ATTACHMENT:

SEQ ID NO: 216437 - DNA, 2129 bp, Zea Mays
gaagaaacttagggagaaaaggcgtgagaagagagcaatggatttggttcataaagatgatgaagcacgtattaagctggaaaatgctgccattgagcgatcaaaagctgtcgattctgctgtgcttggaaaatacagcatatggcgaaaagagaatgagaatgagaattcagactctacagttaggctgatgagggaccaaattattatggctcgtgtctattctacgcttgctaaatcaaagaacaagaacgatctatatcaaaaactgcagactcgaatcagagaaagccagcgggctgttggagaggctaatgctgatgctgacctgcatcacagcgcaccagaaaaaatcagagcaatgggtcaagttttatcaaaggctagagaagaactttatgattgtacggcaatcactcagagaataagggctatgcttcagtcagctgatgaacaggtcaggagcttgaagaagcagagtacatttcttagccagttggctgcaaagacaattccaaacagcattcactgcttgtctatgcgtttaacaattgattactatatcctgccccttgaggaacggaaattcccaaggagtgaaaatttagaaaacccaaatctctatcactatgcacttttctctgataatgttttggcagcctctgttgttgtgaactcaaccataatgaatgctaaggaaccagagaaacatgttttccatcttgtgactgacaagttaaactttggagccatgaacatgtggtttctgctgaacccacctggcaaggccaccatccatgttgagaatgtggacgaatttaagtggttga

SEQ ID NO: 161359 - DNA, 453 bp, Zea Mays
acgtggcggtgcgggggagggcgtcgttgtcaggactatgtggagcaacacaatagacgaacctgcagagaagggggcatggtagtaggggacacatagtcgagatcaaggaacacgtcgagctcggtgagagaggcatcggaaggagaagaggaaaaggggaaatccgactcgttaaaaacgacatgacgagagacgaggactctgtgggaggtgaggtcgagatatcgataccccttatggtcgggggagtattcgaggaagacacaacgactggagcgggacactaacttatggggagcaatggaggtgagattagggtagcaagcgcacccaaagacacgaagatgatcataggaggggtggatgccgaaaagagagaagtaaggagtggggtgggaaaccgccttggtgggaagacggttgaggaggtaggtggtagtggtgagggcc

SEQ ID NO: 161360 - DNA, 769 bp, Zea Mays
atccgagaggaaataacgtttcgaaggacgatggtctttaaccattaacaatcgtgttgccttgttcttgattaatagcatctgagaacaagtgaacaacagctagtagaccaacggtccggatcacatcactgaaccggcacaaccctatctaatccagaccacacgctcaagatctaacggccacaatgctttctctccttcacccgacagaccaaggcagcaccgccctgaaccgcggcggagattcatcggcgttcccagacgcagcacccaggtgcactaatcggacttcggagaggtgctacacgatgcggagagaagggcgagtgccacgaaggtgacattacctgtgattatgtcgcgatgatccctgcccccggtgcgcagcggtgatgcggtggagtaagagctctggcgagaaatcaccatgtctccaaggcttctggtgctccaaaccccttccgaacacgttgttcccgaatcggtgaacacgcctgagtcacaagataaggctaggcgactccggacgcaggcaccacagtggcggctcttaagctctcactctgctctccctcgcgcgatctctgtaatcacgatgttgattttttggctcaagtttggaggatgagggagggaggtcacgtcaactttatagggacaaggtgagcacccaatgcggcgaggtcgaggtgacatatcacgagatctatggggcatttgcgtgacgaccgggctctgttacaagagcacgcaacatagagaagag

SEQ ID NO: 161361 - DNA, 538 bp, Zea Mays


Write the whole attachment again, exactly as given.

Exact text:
SEQ ID NO: 216437 - DNA, 2129 bp, Zea Mays
gaagaaacttagggagaaaaggcgtgagaagagagcaatggatttggttcataaagatgatgaagcacgtattaagctggaaaatgctgccattgagcgatcaaaagctgtcgattctgctgtgcttggaaaatacagcatatggcgaaaagagaatgagaatgagaattcagactctacagttaggctgatgagggaccaaattattatggctcgtgtctattctacgcttgctaaatcaaagaacaagaacgatctatatcaaaaactgcagactcgaatcagagaaagccagcgggctgttggagaggctaatgctgatgctgacctgcatcacagcgcaccagaaaaaatcagagcaatgggtcaagttttatcaaaggctagagaagaactttatgattgtacggcaatcactcagagaataagggctatgcttcagtcagctgatgaacaggtcaggagcttgaagaagcagagtacatttcttagccagttggctgcaaagacaattccaaacagcattcactgcttgtctatgcgtttaacaattgattactatatcctgccccttgaggaacggaaattcccaaggagtgaaaatttagaaaacccaaatctctatcactatgcacttttctctgataatgttttggcagcctctgttgttgtgaactcaaccataatgaatgctaaggaaccagagaaacatgttttccatcttgtgactgacaagttaaactttggagccatgaacatgtggtttctgctgaacccacctggcaaggccaccatccatgttgagaatgtggacgaatttaagtggttga

SEQ ID NO: 161359 - DNA, 453 bp, Zea Mays
acgtggcggtgcgggggagggcgtcgttgtcaggactatgtggagcaacacaatagacgaacctgcagagaagggggcatggtagtaggggacacatagtcgagatcaaggaacacgtcgagctcggtgagagaggcatcggaaggagaagaggaaaaggggaaatccgactcgttaaaaacgacatgacgagagacgaggactctgtgggaggtgaggtcgagatatcgataccccttatggtcgggggagtattcgaggaagacacaacgactggagcgggacactaacttatggggagcaatggaggtgagattagggtagcaagcgcacccaaagacacgaagatgatcataggaggggtggatgccgaaaagagagaagtaaggagtggggtgggaaaccgccttggtgggaagacggttgaggaggtaggtggtagtggtgagggcc

SEQ ID NO: 161360 - DNA, 769 bp, Zea Mays
atccgagaggaaataacgtttcgaaggacgatggtctttaaccattaacaatcgtgttgccttgttcttgattaatagcatctgagaacaagtgaacaacagctagtagaccaacggtccggatcacatcactgaaccggcacaaccctatctaatccagaccacacgctcaagatctaacggccacaatgctttctctccttcacccgacagaccaaggcagcaccgccctgaaccgcggcggagattcatcggcgttcccagacgcagcacccaggtgcactaatcggacttcggagaggtgctacacgatgcggagagaagggcgagtgccacgaaggtgacattacctgtgattatgtcgcgatgatccctgcccccggtgcgcagcggtgatgcggtggagtaagagctctggcgagaaatcaccatgtctccaaggcttctggtgctccaaaccccttccgaacacgttgttcccgaatcggtgaacacgcctgagtcacaagataaggctaggcgactccggacgcaggcaccacagtggcggctcttaagctctcactctgctctccctcgcgcgatctctgtaatcacgatgttgattttttggctcaagtttggaggatgagggagggaggtcacgtcaactttatagggacaaggtgagcacccaatgcggcgaggtcgaggtgacatatcacgagatctatggggcatttgcgtgacgaccgggctctgttacaagagcacgcaacatagagaagag

SEQ ID NO: 161361 - DNA, 538 bp, Zea Mays